Property owners are free to do pretty much as they please in their own homes, as long as they're not breaking the law.
If they don't mind the hair, odor and occasional accident, they can keep dogs and cats -- several, if they're serious animal lovers.
And if they can deal with the smell, possible burns to counters and rugs and risk of fires, they can smoke up a storm.
It's not the healthiest decision, but it's certainly their prerogative.
That's not the case for tenants.
A landlord -- the person who actually owns the home -- is well within his or her rights to prohibit a renter from keeping pets or smoking in their property.
A security deposit might cover the damage and extra cleaning necessary after the tenant leaves, but it's simply not worth the hassle for some owners.
If a renter doesn't like that, well ... tough.
They'll just have to find another place where the property owner is willing accommodate them.
Those units are out there. They might not be exactly what the renter wants or where he or she wants to be, but that's the trade-off for the privilege of keeping critters or lighting up.
So, while we understand the angst of some residents affected by the York Housing Authority's decision to ban smoking in its units, we don't really have a problem with it.
We certainly don't agree with the resident, one of several dozen who attended a meeting this week about the new policy, who proclaimed, "What I do in my own private premises, it's nobody's business."
Well, it is, when she doesn't own those premises. If a tenant is doing something a landlord considers damaging to the property, it very much is the landlord's business.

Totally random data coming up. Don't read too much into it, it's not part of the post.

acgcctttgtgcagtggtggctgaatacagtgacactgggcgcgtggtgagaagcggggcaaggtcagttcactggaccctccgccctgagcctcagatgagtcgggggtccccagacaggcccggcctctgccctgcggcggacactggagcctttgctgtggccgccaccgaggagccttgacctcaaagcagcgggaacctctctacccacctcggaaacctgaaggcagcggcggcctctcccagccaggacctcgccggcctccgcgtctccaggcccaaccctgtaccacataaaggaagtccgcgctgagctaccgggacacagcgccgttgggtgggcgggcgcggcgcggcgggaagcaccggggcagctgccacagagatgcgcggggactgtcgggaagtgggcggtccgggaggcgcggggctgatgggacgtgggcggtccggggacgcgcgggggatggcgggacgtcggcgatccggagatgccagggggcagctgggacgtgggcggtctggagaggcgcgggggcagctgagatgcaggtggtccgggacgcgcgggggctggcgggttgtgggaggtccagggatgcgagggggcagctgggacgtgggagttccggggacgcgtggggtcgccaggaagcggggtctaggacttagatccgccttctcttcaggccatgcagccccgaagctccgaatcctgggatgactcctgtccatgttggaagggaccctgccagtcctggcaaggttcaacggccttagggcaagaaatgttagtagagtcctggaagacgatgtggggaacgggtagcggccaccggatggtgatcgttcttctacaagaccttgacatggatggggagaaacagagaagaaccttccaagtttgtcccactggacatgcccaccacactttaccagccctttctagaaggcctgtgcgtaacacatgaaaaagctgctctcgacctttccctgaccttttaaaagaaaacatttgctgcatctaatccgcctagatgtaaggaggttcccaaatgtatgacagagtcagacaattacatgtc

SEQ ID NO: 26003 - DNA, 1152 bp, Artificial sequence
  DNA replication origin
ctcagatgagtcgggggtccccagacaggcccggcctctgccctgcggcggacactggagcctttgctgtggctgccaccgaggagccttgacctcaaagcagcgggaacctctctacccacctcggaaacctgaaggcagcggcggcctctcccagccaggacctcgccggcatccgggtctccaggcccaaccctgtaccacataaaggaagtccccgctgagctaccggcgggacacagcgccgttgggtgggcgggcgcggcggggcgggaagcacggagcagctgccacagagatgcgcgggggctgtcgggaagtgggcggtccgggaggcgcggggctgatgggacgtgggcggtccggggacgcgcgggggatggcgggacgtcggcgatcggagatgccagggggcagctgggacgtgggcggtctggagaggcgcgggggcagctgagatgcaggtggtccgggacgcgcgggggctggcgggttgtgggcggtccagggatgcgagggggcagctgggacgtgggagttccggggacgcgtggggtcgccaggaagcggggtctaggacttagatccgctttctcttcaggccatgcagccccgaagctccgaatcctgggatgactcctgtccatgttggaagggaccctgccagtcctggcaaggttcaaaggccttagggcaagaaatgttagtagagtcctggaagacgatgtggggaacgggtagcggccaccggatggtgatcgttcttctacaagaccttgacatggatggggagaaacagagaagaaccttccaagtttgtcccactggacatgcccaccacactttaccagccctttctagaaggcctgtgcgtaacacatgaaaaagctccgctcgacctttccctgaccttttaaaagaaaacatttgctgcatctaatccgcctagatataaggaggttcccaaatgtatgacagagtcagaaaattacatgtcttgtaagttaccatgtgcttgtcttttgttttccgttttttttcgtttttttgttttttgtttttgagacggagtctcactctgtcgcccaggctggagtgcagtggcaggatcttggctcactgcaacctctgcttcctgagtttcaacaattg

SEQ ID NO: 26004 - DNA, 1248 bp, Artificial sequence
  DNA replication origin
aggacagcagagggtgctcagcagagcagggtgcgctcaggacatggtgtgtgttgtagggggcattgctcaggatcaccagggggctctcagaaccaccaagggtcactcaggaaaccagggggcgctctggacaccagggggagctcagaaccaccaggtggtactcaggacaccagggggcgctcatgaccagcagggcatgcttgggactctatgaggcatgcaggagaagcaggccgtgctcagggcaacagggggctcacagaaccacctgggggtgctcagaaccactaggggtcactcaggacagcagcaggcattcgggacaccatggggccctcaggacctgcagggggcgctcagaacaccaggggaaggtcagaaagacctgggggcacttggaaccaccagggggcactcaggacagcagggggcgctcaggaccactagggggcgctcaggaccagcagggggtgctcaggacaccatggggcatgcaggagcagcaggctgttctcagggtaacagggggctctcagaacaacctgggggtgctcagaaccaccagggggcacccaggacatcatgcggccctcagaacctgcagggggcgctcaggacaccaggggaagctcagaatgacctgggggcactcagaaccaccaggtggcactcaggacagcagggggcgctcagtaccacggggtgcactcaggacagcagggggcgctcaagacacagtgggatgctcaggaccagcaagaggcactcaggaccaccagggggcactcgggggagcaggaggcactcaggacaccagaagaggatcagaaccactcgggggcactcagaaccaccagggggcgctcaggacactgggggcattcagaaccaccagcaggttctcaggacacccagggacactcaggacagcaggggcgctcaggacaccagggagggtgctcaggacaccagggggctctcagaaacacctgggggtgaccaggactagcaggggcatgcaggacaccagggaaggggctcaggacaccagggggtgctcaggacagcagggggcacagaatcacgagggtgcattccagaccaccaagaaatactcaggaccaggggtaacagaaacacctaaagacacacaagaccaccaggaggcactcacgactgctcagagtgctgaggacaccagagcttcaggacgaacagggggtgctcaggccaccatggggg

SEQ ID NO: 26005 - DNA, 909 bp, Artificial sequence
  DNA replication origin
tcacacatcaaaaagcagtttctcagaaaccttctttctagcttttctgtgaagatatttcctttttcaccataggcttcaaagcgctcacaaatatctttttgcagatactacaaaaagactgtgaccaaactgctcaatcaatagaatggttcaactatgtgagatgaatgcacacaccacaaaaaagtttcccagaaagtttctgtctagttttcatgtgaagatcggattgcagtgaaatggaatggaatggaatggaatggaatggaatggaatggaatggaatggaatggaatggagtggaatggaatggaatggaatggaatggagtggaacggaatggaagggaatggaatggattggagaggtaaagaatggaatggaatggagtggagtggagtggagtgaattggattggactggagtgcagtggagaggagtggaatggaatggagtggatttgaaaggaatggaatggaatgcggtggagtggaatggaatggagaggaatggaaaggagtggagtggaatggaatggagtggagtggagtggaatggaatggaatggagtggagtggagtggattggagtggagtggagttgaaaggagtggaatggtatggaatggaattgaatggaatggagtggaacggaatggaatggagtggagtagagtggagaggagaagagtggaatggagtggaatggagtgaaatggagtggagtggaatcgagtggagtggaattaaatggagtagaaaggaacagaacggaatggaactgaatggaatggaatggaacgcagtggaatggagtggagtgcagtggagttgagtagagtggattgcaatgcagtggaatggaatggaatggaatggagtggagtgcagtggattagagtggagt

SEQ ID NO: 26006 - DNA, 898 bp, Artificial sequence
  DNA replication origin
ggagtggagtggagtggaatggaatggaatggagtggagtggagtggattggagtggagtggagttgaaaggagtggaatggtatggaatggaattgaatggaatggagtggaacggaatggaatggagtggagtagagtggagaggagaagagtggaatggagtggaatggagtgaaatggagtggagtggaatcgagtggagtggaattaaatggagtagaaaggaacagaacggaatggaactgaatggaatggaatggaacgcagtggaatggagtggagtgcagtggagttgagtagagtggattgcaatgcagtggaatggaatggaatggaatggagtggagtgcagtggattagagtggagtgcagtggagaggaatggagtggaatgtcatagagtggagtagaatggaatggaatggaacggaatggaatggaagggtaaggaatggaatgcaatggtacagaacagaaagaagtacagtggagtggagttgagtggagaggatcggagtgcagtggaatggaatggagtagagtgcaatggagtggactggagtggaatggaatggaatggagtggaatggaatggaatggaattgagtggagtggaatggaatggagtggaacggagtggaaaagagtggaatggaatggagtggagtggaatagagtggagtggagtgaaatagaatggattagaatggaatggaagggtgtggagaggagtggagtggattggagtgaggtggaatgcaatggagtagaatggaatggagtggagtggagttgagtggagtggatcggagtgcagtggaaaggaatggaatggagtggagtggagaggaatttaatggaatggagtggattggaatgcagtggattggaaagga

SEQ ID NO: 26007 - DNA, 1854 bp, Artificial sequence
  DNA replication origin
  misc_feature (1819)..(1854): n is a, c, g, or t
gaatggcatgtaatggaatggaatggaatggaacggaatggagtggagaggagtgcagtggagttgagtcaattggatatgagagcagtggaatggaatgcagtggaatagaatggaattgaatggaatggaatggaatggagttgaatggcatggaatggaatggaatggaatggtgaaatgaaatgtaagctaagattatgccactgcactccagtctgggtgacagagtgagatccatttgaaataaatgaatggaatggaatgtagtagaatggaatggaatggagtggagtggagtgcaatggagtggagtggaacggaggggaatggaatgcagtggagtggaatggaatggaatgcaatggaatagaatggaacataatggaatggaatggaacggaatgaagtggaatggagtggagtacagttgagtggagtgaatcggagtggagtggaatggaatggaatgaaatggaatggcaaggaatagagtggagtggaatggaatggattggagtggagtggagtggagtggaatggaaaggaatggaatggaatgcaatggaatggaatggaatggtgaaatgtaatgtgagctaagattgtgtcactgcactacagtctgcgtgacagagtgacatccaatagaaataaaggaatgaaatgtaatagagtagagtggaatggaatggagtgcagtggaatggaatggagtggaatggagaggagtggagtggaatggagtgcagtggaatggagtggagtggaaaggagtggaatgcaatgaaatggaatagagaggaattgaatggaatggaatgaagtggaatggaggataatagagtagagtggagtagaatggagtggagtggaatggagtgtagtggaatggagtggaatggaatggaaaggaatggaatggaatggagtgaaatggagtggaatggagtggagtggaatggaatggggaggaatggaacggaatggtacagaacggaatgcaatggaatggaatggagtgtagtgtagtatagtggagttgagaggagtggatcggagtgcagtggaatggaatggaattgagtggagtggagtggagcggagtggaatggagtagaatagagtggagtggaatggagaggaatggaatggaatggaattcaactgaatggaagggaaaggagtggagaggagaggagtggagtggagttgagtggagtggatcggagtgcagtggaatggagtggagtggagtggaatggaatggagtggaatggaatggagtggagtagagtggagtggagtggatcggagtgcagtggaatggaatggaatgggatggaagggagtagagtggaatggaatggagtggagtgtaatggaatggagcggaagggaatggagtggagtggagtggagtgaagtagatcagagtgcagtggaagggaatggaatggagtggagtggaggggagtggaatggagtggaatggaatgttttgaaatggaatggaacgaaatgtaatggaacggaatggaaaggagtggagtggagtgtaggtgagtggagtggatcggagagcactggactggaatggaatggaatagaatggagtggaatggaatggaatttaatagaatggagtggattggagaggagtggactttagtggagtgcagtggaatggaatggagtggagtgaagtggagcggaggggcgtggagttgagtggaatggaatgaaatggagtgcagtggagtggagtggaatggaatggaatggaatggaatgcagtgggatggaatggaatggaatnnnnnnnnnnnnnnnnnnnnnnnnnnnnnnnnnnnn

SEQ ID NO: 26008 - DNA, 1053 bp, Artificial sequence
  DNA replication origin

The York Housing Authority owns and manages more than 1,000 units in affordable-housing complexes throughout the county. Tenants pay no more than 30 percent of their income toward rent, with the rest subsidized by the U.S. Department of Housing and Urban Development.
The no-smoking policy, which goes into effect Oct. 1, will be written into leases.
It was HUD that "strongly encouraged" the smoking ban, according Shelley Peterson, director of housing management. For now, she said, there's no funding incentive to implement smoking bans, but, "My guess is at some point HUD will mandate it."
The authority is holding a series of meetings at all of its facilities to inform residents of the new policy -- and if this week's, the first, is any indication, Peterson can expect to get an earful at every one.
But don't expect the authority to budge.
"They believe they have a constitutional right, which they don't," Peterson said.
No one wants to see the government intrude more into people's lives. But in this case, the York Housing Authority is the landlord.
And the landlord makes the rules.